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The tomato man

  • Brad Gates, the "Tomato Man" waters starts at his Calistoga greenhouse, Thursday April 17, 2014. (Kent Porter / Press Democrat) 2014

Brad Gates makes tomatoes like a master craftsman. Red with bleeding yellow stripes and vertical green bands that look like metallic paint. Tomatoes of indigo blue, tomatoes pretty in pink and yellow tomatoes splotched with green. All are infused with a splurge of flavor.

When supermarkets were still featuring big, uniformly round, red tomatoes that looked perfect but lacked personality, Gates was falling in love with the more homely fruit of the field — tomatoes that didn't look like tomatoes, "weird, non-red tomatoes" as he calls them, with odd shapes and creases.

And now his Wild Boar Farms tomatoes, varieties he developed himself over many years of selection and experimentation, are some of the best "must have" tomatoes around. Tomato lovers are grabbing them up in seeds and starts, varieties with names as strange as they look, like Large Barred Boar and Solar Flare.

Sebastopol's Larry Wagner won Best of Show at the 2011 Kendall-Jackson Heirloom Tomato Fest with Gates' richly sweet Pink Berkeley Tie Dye, a cross with Cherokee Purple that is earlier than Early Girl. Last year Wagner took the heaviest tomato prize with Gates' Pineapple Pig, a 1 pound 13 ounce bruiser. Other Wild Boar varieties took other honors.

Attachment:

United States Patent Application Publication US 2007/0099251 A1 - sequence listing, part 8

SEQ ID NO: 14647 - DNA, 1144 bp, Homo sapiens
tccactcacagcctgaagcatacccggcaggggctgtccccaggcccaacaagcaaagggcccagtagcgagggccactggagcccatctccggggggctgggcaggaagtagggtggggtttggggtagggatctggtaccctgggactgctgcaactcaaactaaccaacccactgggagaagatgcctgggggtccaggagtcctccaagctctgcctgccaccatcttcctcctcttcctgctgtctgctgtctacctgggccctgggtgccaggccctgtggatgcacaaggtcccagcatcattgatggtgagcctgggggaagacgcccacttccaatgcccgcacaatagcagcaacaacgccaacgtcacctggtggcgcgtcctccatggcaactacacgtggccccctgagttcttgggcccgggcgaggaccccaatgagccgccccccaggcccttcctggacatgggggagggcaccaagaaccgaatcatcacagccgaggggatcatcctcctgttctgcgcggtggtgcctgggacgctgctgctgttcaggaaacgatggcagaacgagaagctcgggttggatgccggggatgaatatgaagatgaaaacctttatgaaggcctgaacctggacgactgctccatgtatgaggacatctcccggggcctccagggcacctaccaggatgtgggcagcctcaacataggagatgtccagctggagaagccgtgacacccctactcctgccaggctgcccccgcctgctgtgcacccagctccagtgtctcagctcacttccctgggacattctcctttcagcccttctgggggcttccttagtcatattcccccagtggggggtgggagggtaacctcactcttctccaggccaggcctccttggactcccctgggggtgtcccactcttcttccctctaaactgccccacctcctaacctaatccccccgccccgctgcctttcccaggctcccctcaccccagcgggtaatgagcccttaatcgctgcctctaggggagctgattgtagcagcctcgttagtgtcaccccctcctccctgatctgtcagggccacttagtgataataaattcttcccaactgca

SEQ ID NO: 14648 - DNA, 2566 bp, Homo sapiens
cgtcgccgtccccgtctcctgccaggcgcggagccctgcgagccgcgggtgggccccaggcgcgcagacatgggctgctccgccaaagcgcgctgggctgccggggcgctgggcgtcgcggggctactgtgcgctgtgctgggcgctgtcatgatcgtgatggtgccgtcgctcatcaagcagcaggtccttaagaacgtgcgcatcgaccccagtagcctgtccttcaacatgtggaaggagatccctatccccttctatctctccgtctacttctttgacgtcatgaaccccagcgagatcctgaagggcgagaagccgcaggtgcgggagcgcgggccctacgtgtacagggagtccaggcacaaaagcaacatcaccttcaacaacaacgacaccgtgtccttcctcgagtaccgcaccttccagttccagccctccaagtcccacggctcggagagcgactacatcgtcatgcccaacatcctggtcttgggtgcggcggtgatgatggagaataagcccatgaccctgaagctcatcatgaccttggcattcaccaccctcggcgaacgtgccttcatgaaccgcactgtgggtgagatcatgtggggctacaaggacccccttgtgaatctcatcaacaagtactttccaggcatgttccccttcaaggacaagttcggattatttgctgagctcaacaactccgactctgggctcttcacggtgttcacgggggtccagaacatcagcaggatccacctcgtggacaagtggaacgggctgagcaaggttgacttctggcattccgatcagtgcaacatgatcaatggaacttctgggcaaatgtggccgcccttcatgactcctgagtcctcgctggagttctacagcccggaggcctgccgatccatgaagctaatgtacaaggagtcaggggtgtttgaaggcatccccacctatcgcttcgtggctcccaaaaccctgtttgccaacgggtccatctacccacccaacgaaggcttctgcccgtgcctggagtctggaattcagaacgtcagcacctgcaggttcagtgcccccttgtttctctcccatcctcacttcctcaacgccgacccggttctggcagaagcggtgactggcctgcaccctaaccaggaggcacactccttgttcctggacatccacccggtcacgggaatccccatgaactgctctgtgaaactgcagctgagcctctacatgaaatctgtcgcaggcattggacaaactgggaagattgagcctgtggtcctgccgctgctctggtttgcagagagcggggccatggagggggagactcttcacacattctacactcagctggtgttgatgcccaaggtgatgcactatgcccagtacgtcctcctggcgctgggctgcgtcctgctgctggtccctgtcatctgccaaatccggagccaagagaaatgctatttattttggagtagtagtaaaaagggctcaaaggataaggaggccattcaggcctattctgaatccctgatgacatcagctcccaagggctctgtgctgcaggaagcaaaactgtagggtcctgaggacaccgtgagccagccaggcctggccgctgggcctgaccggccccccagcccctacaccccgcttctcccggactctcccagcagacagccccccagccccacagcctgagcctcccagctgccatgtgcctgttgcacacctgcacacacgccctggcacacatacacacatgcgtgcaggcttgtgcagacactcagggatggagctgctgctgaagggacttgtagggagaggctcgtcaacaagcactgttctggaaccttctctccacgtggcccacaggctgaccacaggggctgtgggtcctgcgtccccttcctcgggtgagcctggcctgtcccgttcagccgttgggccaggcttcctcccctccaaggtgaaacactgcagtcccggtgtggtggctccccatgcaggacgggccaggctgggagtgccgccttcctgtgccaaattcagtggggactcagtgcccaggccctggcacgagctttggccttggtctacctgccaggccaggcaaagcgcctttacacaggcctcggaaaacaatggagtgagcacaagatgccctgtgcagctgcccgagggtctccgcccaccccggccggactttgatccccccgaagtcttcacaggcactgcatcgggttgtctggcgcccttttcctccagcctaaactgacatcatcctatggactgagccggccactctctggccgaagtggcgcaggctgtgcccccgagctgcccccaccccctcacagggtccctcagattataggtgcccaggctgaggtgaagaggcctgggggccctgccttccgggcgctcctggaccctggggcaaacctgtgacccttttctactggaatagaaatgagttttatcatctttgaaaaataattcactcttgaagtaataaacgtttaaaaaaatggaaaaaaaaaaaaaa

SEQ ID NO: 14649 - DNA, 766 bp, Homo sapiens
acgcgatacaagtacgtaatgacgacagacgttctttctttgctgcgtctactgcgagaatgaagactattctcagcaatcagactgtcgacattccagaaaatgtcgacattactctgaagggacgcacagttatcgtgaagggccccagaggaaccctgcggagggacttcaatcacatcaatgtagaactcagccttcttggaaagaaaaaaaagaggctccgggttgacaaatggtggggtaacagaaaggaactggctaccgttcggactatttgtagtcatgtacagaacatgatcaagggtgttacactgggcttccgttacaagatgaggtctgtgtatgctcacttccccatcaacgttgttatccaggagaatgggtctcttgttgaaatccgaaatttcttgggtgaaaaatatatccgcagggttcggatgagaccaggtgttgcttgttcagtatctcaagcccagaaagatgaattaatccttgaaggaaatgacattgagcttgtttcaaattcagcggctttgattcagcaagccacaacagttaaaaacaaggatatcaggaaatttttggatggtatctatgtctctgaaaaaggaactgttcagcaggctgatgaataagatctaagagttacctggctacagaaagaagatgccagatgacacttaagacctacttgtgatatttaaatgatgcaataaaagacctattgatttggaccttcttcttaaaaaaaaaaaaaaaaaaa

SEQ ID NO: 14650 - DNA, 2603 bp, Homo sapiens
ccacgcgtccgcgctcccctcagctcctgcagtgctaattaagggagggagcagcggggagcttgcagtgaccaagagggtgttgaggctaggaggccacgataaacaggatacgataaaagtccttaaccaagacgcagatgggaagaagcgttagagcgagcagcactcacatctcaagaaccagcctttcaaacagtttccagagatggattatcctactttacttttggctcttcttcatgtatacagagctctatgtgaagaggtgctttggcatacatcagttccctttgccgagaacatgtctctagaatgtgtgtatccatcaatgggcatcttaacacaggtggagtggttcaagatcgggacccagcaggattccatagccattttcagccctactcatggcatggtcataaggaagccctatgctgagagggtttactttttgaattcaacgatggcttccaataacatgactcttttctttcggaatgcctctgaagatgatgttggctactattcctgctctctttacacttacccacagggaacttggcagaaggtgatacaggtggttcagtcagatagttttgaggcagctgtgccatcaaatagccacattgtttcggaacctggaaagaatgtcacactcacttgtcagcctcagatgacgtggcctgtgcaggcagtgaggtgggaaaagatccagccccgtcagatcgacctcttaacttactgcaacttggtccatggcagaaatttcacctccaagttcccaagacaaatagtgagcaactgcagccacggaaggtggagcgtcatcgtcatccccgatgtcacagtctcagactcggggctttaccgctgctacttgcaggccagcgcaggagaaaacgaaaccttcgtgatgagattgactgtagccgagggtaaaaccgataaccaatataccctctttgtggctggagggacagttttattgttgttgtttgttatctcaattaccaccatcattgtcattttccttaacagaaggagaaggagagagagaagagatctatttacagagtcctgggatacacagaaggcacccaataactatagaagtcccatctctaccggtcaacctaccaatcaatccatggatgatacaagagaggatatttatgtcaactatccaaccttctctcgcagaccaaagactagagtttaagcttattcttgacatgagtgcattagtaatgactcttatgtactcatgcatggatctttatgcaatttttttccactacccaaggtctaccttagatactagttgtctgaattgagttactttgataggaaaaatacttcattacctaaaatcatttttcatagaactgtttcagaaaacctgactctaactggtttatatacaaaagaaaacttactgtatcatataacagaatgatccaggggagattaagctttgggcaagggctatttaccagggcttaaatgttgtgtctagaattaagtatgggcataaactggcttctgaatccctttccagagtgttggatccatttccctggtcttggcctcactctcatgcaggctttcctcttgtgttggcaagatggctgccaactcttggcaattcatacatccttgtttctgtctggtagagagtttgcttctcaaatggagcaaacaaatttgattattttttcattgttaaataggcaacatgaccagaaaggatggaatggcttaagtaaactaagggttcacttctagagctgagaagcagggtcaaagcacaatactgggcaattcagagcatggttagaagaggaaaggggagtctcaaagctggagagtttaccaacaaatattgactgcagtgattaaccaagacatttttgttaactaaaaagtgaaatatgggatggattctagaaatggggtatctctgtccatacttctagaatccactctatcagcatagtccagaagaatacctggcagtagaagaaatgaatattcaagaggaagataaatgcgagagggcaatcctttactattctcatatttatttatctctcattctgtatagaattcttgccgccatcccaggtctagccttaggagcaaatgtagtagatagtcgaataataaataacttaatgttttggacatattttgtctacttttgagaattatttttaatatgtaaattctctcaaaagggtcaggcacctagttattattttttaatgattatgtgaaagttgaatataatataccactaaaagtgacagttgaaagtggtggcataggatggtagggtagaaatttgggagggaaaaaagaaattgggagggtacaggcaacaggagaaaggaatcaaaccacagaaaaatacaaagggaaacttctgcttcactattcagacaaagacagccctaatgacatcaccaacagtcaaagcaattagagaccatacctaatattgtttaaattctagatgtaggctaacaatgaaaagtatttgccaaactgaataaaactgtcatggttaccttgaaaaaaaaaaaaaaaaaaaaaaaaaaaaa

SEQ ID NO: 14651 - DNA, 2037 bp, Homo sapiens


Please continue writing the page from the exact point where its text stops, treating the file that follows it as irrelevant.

"I'm the most famous poor guy I know," declares the man whose goal is to create "the most amazing varieties there are" that make people want to come "crawling back" for more.

Gates grows 20,000 starts in greenhouses in Calistoga and organically farms a fertile spring-fed acre and a half in St. Helena. He is one of only several small, leading independent hybridizers in Northern California — including Fred Hempel of Sunol and Gary Ibsen of Carmel — who are creating new "heirloom" varieties the old-fashioned way. Their fruit is visually intriguing, flavorful and open-pollinated, meaning you can save the seed with assurance that they will produce the same tomato.

They also are well-adapted to the Bay Area climate, which is particularly important in a drought year when there's no water to waste on mistakes or low-producers.

"It's wonderful to have a tomato breeder in your own neighborhood, because you know they're going to do well here," said Elaine Walter, who oversees the selection and growing of tomato starts for the Harvest for the Hungry garden's plant sale April 26 in Santa Rosa.

Wild Boar tomatoes, including the popular new blue tomatoes like Indigo Apple, Blue Beauty and Blue Berries, rich in healthy anthocyanins, are expected to go fast at the sale.

Last year Walter grew Wild Boar's Pork Chop, a true yellow with green stripes that ripen to gold.


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